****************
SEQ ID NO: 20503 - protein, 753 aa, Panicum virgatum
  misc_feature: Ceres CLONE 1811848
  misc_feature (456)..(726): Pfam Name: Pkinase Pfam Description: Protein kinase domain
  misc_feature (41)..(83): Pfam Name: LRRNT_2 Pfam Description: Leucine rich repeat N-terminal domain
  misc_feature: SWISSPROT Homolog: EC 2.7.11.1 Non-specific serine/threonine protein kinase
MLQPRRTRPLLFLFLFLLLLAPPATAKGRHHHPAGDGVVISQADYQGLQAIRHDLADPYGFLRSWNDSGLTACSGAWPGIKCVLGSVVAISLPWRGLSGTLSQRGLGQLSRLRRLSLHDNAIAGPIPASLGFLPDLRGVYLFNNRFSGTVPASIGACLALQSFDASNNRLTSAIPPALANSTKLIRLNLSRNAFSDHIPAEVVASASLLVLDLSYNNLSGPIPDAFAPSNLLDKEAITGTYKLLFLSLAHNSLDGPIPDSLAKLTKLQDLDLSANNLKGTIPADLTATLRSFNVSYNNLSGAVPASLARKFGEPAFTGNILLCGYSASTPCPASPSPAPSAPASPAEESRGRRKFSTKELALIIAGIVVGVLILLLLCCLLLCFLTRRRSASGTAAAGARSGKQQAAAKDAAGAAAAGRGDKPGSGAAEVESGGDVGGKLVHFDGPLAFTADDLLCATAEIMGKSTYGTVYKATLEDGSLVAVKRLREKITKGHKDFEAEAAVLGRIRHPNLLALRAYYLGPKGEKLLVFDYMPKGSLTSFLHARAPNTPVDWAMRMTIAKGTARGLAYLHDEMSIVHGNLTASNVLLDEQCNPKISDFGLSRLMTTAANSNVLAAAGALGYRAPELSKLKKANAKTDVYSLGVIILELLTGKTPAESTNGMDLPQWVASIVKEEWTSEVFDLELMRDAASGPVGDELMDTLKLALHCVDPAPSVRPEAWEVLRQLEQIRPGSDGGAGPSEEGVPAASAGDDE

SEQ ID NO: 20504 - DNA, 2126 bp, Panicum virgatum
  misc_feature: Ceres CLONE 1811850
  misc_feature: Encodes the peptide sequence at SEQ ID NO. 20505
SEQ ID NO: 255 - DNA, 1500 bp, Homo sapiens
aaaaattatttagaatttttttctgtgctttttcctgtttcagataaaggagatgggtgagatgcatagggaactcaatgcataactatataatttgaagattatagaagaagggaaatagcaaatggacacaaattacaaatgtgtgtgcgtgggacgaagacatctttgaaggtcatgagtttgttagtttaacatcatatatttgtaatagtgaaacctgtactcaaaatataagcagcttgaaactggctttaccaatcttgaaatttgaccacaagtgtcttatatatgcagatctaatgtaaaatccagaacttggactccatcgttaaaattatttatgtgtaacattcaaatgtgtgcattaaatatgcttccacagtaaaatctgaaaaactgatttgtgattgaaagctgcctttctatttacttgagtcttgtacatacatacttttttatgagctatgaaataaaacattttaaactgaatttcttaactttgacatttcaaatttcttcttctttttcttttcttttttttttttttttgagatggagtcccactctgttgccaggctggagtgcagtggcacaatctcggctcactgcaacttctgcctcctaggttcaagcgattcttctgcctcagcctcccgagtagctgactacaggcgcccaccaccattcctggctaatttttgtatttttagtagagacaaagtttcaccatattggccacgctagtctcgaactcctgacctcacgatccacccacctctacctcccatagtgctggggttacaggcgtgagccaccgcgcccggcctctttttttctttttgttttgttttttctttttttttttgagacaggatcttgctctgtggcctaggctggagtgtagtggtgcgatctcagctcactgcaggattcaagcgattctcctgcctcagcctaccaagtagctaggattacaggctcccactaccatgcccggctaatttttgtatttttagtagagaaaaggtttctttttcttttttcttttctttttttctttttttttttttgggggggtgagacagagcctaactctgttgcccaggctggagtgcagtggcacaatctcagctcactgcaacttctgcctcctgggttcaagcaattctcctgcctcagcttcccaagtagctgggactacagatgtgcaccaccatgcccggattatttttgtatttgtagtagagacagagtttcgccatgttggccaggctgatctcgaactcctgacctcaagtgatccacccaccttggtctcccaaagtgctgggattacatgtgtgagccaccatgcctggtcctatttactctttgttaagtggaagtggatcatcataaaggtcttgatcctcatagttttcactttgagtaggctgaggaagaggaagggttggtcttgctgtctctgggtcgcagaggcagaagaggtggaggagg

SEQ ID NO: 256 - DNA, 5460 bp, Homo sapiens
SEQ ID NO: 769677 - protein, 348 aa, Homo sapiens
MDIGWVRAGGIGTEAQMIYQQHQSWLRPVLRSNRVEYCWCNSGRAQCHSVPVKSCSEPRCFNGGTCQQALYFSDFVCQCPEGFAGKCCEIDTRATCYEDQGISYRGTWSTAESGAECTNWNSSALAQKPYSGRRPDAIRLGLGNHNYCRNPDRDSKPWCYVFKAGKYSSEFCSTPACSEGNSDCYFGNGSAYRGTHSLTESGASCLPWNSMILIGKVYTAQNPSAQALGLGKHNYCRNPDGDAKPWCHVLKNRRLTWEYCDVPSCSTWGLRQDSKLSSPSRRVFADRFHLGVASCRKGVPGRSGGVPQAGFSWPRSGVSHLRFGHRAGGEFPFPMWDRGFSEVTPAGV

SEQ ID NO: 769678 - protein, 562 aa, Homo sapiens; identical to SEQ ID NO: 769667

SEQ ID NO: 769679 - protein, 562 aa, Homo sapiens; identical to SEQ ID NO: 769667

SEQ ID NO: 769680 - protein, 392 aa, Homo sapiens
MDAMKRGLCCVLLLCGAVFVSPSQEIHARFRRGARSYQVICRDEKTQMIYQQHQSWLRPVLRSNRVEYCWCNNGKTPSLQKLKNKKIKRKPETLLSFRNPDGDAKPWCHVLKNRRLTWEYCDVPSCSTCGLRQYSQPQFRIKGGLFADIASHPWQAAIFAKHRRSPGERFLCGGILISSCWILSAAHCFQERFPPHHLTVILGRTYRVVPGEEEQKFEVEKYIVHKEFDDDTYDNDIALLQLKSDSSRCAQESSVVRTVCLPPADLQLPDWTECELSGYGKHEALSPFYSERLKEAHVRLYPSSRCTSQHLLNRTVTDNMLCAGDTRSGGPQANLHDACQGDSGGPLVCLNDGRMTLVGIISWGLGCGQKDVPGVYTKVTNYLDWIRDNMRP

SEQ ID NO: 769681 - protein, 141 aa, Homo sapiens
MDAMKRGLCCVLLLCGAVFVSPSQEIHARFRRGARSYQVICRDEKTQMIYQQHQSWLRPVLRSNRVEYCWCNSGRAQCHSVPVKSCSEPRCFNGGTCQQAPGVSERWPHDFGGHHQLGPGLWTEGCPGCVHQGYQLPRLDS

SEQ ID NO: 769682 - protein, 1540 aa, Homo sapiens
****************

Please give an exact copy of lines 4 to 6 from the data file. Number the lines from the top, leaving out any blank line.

  misc_feature (41)..(83): Pfam Name: LRRNT_2 Pfam Description: Leucine rich repeat N-terminal domain
  misc_feature: SWISSPROT Homolog: EC 2.7.11.1 Non-specific serine/threonine protein kinase
MLQPRRTRPLLFLFLFLLLLAPPATAKGRHHHPAGDGVVISQADYQGLQAIRHDLADPYGFLRSWNDSGLTACSGAWPGIKCVLGSVVAISLPWRGLSGTLSQRGLGQLSRLRRLSLHDNAIAGPIPASLGFLPDLRGVYLFNNRFSGTVPASIGACLALQSFDASNNRLTSAIPPALANSTKLIRLNLSRNAFSDHIPAEVVASASLLVLDLSYNNLSGPIPDAFAPSNLLDKEAITGTYKLLFLSLAHNSLDGPIPDSLAKLTKLQDLDLSANNLKGTIPADLTATLRSFNVSYNNLSGAVPASLARKFGEPAFTGNILLCGYSASTPCPASPSPAPSAPASPAEESRGRRKFSTKELALIIAGIVVGVLILLLLCCLLLCFLTRRRSASGTAAAGARSGKQQAAAKDAAGAAAAGRGDKPGSGAAEVESGGDVGGKLVHFDGPLAFTADDLLCATAEIMGKSTYGTVYKATLEDGSLVAVKRLREKITKGHKDFEAEAAVLGRIRHPNLLALRAYYLGPKGEKLLVFDYMPKGSLTSFLHARAPNTPVDWAMRMTIAKGTARGLAYLHDEMSIVHGNLTASNVLLDEQCNPKISDFGLSRLMTTAANSNVLAAAGALGYRAPELSKLKKANAKTDVYSLGVIILELLTGKTPAESTNGMDLPQWVASIVKEEWTSEVFDLELMRDAASGPVGDELMDTLKLALHCVDPAPSVRPEAWEVLRQLEQIRPGSDGGAGPSEEGVPAASAGDDE